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One thing about the 1999 Open Championship is certain: Paul Lawrie was forever linked to the Claret Jug. (Ross Kinnaird/Getty Images)
One thing about the 1999 Open Championship is certain: Paul Lawrie was forever linked to the Claret Jug. (Ross Kinnaird/Getty Images)

Debate over merits of Lawrie's 1999 win still rages on

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So which is it? Did Paul Lawrie grab the Open Championship at Carnoustie in 1999? Or did Jean Van de Velde just gift-wrap the Claret Jug and hand it to to him? The arguments on both sides are as strong as the memories of that amazing ending.

By T.J. Auclair, Interactive Producer

Ah, Carnoustie. Paul Lawrie hoisted the coveted Claret Jug when he won the Open Championship -- golf's oldest major -- in 1999 at Carnoustie, just a few wee miles from his birthplace of Aberdeen. In so doing, Lawrie became the first Scotsman to win the Open since Sandy Lyle in 1985 at Royal St. George's, and the first to win on Scottish soil since James Braid at St. Andrews in 1910.

While more than a few pints were downed by thousands of celebrating Scots after Lawrie's improbable, unlikely, unimaginable, inconceivable, unthinkable win, the question needs to be asked: Did Lawrie go out and grab it? Or, was the Claret Jug gift-wrapped and handed to him in the kindest gesture by the French since presenting the United States with the Statute of Liberty in 1886?

Many -- aside from the Lawrie family -- may forget that he overcame a mammoth 10-shot deficit in the final round, before defeating 1997 Open champ Justin Leonard and Frenchman Jean Van de Velde in a four-hole playoff.

While Leonard is undoubtedly the forgotten man in that three-way playoff, who could possibly forget Van de Velde? Teeing it up on the 72nd hole with a seemingly comfortable three-shot lead and on the verge of becoming just the second Frenchman ever to win a major, joining Arnaud Massy at Royal Liverpool in 1907, Van de Velde suddenly lost it -- figuratively, literally and shockingly. He single-handedly turned golf's oldest and arguably most cherished tournament into a game of hot potato.

On a final hole that featured more twists than a season-finale episode of the hit show "24," Van de Velde needed just a lousy double-bogey 6 to secure the win. Some figured Carnoustie deserved a fluke-winner considering how tricked up the course was that week.

Regardless, no one deserves what happened to Van de Velde. The man seemingly went insane in front of a worldwide audience. A questionable decision to hit driver from the 18th tee sent the poor guy into the right, thigh-high rough, setting off a comedy of errors that included a trip into the creek that fronts the green called Barry Burn and was capped off by -- of all things -- a drained knee-knocker from 7 feet for a triple-bogey 7 to earn a spot in the playoff.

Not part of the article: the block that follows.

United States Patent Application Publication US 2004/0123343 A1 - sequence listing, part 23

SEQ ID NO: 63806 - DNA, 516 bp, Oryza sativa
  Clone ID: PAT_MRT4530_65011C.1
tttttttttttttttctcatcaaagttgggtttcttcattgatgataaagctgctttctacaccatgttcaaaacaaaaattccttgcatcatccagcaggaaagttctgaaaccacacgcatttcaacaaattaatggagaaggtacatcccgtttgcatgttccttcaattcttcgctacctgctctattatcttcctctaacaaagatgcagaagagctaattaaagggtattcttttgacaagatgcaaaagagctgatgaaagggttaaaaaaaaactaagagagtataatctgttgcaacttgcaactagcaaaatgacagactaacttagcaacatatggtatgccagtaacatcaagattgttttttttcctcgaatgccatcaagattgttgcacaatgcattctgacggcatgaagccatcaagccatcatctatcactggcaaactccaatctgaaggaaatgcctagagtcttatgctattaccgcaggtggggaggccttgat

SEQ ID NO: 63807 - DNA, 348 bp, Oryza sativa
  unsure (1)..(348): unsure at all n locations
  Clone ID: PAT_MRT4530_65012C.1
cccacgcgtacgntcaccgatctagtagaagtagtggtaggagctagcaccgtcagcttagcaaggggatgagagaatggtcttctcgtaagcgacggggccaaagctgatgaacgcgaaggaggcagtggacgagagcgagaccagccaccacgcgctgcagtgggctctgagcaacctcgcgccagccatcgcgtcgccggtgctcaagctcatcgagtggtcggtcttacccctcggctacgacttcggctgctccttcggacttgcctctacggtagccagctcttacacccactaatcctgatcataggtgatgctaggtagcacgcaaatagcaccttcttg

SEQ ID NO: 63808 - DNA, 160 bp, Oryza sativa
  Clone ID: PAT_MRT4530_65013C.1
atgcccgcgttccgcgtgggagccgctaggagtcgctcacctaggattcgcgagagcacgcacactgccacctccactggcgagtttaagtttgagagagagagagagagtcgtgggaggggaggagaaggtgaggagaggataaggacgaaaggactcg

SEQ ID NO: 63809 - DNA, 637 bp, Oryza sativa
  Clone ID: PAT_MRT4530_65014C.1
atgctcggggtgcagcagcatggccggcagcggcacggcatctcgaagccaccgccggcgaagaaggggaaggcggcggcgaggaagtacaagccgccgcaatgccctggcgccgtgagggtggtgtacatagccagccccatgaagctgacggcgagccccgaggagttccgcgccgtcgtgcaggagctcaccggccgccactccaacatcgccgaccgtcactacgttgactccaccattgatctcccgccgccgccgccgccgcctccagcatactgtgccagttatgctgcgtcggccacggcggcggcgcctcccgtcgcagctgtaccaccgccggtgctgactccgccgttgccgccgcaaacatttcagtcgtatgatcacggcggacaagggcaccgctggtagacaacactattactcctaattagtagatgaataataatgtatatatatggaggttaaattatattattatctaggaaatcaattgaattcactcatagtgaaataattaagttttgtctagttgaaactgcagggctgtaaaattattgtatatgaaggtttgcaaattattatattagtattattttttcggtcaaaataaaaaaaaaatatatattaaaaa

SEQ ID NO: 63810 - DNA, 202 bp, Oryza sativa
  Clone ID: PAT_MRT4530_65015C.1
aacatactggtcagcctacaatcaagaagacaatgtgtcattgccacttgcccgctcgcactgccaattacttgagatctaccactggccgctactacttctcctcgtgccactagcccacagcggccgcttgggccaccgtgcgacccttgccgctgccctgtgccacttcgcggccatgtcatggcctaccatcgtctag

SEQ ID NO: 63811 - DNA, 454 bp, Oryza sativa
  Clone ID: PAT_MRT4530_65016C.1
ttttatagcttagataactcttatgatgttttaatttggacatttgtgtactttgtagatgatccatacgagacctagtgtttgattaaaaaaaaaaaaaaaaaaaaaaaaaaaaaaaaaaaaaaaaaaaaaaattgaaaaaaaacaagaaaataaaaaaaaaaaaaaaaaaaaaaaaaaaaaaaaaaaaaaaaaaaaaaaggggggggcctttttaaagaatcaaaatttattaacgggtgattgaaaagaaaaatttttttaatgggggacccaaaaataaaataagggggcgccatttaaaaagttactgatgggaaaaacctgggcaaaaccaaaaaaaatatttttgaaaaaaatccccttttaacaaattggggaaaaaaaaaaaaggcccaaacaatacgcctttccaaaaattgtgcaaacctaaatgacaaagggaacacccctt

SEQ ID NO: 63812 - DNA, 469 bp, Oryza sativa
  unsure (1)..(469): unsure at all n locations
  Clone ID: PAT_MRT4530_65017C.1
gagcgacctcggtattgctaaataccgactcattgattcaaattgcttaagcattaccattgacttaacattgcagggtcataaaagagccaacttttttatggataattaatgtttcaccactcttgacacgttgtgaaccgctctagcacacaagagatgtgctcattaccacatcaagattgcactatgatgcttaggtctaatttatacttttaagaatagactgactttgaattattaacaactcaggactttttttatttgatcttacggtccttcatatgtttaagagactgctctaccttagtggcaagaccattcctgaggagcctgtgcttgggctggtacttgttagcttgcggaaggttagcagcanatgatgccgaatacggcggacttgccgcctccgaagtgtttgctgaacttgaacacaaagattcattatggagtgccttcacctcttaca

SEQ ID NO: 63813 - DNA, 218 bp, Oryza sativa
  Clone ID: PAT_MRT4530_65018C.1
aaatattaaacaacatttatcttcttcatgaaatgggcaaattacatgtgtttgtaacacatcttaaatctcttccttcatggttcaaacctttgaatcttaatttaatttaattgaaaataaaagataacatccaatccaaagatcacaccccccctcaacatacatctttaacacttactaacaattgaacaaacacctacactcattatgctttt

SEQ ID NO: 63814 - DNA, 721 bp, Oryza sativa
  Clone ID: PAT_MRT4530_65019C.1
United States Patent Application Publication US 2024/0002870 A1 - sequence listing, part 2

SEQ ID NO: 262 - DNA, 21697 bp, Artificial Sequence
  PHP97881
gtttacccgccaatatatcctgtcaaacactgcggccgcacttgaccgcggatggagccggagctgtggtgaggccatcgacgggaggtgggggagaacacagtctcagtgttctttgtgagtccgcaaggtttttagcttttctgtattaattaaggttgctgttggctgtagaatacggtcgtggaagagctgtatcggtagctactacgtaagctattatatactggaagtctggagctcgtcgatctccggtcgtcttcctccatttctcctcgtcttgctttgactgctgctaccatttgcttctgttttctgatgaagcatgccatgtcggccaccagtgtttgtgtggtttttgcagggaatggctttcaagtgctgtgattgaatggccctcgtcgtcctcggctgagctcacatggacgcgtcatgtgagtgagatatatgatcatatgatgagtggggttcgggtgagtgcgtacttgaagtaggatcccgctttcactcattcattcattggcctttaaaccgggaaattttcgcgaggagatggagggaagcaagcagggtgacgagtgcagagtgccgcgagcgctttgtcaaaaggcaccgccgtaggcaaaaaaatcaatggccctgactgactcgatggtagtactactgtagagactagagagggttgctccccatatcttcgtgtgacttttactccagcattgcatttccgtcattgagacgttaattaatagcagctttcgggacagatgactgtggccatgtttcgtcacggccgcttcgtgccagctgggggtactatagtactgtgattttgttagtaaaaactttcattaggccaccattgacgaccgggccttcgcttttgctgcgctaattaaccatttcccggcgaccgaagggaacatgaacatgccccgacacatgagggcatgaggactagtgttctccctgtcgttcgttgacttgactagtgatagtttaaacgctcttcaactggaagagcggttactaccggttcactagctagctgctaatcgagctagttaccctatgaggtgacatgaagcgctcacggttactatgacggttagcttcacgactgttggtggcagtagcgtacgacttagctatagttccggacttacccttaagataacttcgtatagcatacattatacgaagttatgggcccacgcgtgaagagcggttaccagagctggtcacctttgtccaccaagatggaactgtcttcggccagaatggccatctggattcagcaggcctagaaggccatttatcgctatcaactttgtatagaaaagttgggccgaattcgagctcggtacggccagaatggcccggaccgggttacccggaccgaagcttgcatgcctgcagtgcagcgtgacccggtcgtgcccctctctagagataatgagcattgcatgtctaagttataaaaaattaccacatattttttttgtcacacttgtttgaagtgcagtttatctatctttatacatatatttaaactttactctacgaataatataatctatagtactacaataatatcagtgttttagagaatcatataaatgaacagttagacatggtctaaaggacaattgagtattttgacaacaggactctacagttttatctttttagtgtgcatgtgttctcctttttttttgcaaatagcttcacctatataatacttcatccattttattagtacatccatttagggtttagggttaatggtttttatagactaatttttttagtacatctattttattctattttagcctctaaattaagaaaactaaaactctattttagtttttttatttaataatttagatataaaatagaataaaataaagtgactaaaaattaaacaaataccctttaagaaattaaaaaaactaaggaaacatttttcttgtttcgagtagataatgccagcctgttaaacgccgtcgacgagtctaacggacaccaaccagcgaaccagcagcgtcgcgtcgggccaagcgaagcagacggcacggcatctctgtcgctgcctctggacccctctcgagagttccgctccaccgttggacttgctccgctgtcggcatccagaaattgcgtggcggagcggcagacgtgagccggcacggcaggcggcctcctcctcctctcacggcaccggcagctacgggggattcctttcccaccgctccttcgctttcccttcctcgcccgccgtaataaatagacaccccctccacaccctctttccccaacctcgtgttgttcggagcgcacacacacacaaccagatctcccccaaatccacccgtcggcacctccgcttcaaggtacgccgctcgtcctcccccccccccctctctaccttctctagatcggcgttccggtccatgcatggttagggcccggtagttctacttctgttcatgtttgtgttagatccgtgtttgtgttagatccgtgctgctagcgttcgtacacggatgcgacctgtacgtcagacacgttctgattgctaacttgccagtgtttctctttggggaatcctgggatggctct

Take that, Jack Bauer.

The jury is still deliberating over whether or not anyone knows what happened in the playoff, other than the fact that Lawrie pulled off the biggest heist since Bonnie and Clyde, because those who witnessed the 72nd hole are all still frozen in shock.

While Van de Velde wasn't the champion, he became the poster boy for showing grace in defeat. Before fading into relative obscurity, Van de Velde made it to another playoff -- the 2000 Reno-Tahoe Open -- where he lost to Scott Verplank on the fourth extra hole. He then won for the second time on the European Tour at the 2006 Madeira Island Open, his first title since the 1993 Roma Masters, and has been troubled with injuries since.

But what has become of Lawrie? Surely he'll be the hero when he returns to Carnoustie this time around, but he hasn't exactly been setting the links ablaze since that historic, mind-boggling victory in 1999.

Fair or not, the fact of the matter is it could be argued that Lawrie's tremendous rally was nothing more than a brilliant round of golf on a difficult course with the rest falling into his lap. After all, he didn't make up those 10 shots by firing a Johnny Miller-like final-round 63.

Nope. Lawrie carded a 4-under-par 67 in that final round at Carnoustie. He sat around, watched Van de Velde's debacle, went to a playoff and the next thing he knew he was living his dream -- just probably not in the fashion he had dreamt it up. But beggars can't be choosers and a win is a win.

Since the defining moment along the River Tay on the East Coast of Scotland, Lawrie has recorded two victories on the European Tour -- the 2001 Dunhill Links Championship and the 2002 Celtic Manor Resort Wales Open. His best finish on the PGA TOUR was a tie for fifth in the 2000 World Golf Championships-Accenture Match Play Championship.

And what about the majors? In the 20 that he's played since Carnoustie, Lawrie has missed the cut 12 times and his highest finish was a tie for 15th at the Masters in 2003.

While a repeat win at Carnoustie for the struggling Lawrie might be a stretch, by all means, don't rule it out. As was proven on that blustery, gray Sunday in 1999, anything can happen in this unpredictable game.

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